New York State Court of Claims

New York State Court of Claims

KROHN v. THE STATE OF NEW YORK, #2004-016-034 , Claim No. 94817


Delay in taking inmate to hospital not the proximate cause of his death from prescription drug overdose.

Case Information

PAUL I. KROHN, as Trustee of the Estate of HARRY PARKER, acting as Administrator of the Estate of CURTIS PARKER
Claimant short name:
Footnote (claimant name) :

Footnote (defendant name) :

Third-party claimant(s):

Third-party defendant(s):

Claim number(s):
Motion number(s):

Cross-motion number(s):

Claimant's attorney:
Neil H. Greenberg, Esq.
Defendant's attorney:
Eliot Spitzer, Attorney GeneralBy: Michele M. Walls, AAG
Third-party defendant's attorney:

Signature date:
June 29, 2004
New York

Official citation:

Appellate results:

See also (multicaptioned case)

This is the decision following the trial of the claim arising from the drug overdose and death of Curtis Parker while in the custody of the State Department of Correctional Services (DOCS). For ease of reference, the term "claimant" will be used to mean Curtis Parker, and, similarly, "Parker" refers to
Curtis Parker (not to his brother, Harry Parker, or his sister, Pauline Parker).
On November 30, 1994, Mr. Parker, who had been incarcerated at Gowanda Correctional Facility in Erie County, was transferred to the Fulton Correctional Facility to participate in the work release program.
Under work release, Parker was permitted to live with a relative, while remaining subject to supervision by a parole officer. On these terms, claimant resided with his brother, Harry Parker.
A parole officer, on a routine visit to Harry Parker's home on December 17, 1994, learned that Curtis Parker had moved out to a nearby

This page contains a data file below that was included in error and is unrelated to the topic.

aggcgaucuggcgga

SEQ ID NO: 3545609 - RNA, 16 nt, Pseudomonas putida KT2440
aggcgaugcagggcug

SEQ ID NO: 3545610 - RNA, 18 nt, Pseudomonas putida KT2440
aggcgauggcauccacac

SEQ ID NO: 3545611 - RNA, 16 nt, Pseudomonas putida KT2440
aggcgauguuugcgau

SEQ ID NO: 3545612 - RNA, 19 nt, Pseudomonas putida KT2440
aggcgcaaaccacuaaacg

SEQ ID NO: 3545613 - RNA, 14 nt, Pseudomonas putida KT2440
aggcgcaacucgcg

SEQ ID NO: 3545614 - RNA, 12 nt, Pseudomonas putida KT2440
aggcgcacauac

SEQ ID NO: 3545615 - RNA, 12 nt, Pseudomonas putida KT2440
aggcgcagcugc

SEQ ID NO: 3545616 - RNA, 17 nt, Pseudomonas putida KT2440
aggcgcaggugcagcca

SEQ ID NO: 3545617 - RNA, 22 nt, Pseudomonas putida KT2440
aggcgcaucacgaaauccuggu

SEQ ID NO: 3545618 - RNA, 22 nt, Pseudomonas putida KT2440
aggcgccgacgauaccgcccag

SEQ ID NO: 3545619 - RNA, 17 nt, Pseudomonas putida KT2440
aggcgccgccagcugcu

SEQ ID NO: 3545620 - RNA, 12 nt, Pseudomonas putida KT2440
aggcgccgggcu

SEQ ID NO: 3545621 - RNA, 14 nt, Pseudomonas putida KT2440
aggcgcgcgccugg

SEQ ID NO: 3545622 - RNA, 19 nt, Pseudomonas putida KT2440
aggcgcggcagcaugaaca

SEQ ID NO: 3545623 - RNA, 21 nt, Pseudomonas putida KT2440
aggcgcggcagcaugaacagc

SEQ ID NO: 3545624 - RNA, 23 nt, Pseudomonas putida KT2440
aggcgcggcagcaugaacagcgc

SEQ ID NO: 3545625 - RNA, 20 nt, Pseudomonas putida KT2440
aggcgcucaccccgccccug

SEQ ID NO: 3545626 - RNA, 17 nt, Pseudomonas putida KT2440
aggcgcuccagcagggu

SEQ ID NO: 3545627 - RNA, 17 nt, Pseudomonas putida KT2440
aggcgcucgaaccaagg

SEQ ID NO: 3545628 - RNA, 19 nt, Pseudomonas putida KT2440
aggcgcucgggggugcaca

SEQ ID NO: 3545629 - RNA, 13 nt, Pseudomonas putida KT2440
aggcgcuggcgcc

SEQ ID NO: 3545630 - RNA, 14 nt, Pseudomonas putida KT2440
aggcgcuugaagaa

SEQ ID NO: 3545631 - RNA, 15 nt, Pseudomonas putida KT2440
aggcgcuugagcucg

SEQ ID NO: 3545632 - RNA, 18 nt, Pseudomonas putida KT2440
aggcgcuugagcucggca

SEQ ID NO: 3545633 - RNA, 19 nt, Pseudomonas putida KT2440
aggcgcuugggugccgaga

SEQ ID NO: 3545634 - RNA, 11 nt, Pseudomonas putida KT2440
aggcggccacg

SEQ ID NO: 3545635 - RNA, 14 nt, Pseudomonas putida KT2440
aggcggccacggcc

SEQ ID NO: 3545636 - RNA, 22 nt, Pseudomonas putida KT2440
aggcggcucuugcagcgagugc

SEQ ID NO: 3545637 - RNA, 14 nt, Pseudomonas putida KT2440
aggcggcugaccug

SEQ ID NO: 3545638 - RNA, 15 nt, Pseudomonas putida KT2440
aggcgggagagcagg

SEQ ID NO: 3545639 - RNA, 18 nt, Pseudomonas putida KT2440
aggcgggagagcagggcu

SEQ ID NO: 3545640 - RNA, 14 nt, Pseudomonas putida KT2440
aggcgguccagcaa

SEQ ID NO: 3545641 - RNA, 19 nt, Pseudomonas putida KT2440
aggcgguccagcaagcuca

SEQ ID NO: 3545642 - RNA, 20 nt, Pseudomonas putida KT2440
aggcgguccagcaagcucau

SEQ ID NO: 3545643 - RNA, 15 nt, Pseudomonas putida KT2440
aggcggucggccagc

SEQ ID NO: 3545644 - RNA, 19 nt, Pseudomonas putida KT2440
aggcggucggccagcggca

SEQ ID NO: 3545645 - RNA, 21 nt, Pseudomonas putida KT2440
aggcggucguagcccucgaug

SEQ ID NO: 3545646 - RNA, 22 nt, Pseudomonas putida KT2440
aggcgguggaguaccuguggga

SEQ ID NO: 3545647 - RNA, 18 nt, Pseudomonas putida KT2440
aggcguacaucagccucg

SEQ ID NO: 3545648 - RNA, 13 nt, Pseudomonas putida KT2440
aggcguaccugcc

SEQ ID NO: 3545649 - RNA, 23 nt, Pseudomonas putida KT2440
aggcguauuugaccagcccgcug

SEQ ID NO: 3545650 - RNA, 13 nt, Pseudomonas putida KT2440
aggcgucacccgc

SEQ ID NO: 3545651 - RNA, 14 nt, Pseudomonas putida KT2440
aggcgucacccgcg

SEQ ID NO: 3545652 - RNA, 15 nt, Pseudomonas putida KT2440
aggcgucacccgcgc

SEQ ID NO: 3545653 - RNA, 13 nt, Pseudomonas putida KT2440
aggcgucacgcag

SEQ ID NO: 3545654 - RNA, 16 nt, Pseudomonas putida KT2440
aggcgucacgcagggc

motel. The officer, who had determined that Parker was in violation of the terms of his parole and work release, went to the motel on December 19 and brought Parker back to the Fulton facility that day. As was the procedure in such situations, once back at Fulton, claimant was placed in its restrictive unit pending an investigation and hearing. (See cl exh 1).
Fulton Correctional Facility, with a minimum security classification, is located
in a seven-story building at 1511 Fulton Avenue in the Bronx. According to the testimony of Correction Officer Demetrius Bobo, as of late 1994, essentially all of Fulton's inmates were on work release. He explained that the facility at that time held five- to six-hundred general population inmates; with the inclusion of "day reporting" inmates, the total was about a thousand. The restriction area, which housed some 30 inmates in five or six rooms on the sixth floor, was "primarily for inmates that committed violations, misbehavior, being out of bounds, out of place . . . supposed to go to work and not gone to work, not turning in your paycheck to your counselors, not seeing your counselors when you're supposed to, being late an excessive number of times."
Parker, who had been diagnosed HIV-positive[1]
and with asthma at the time of his transfer to Fulton, had been prescribed two medications: Isoniazid, an antibiotic, for a persistent cough in October 1994 (cl exh 10), and Theophylline, known commercially as Slo-Bid, for his asthma since 1993.
Two days after claimant's return to Fulton, on December 21 at 10 a.m., claimant's mother telephoned and explained to a facility official that her son was in restriction and required his medication. The facility's on-call physician, Dr. Kobkiert
Chukiert, was informed, and the prescriptions were called in to the off-site contract pharmacy, which prepared a 30-day supply of each - - 24 tablets of Isoniazid and 60 tablets of Theophylline, both in 300 mg dosages. The two bottles were picked up later the same day by a correction officer.
Officer Bobo testified that on December 21, he had worked a 3 to 11 p.m. tour of duty. At about 3:30 p.m, the officer recalled
that Parker had come to him, said he had not received his medication and asked Bobo to check on it. The officer testified that after "getting settled," he called the watch commander (a Sgt. O'Connor), who indicated that he knew of the situation and would get back to Officer Bobo.
Bobo described Parker as "upset"
when he initially inquired about his medication. The officer explained what happened next, some 20 minutes later at about ten to four:
At that time he came back. There was a table in the hallway about the length of the table that you're sitting at, and he was quite upset at the time, and he banged his hands, his fist on the table, requesting his medication . . . he was very agitated, but I didn't take it as . . . a harmful threat or anything like that. I just knew he was upset about not receiving his medication.
Officer Bobo notified his supervisor of the incident and claimant was placed in one of the two isolation cells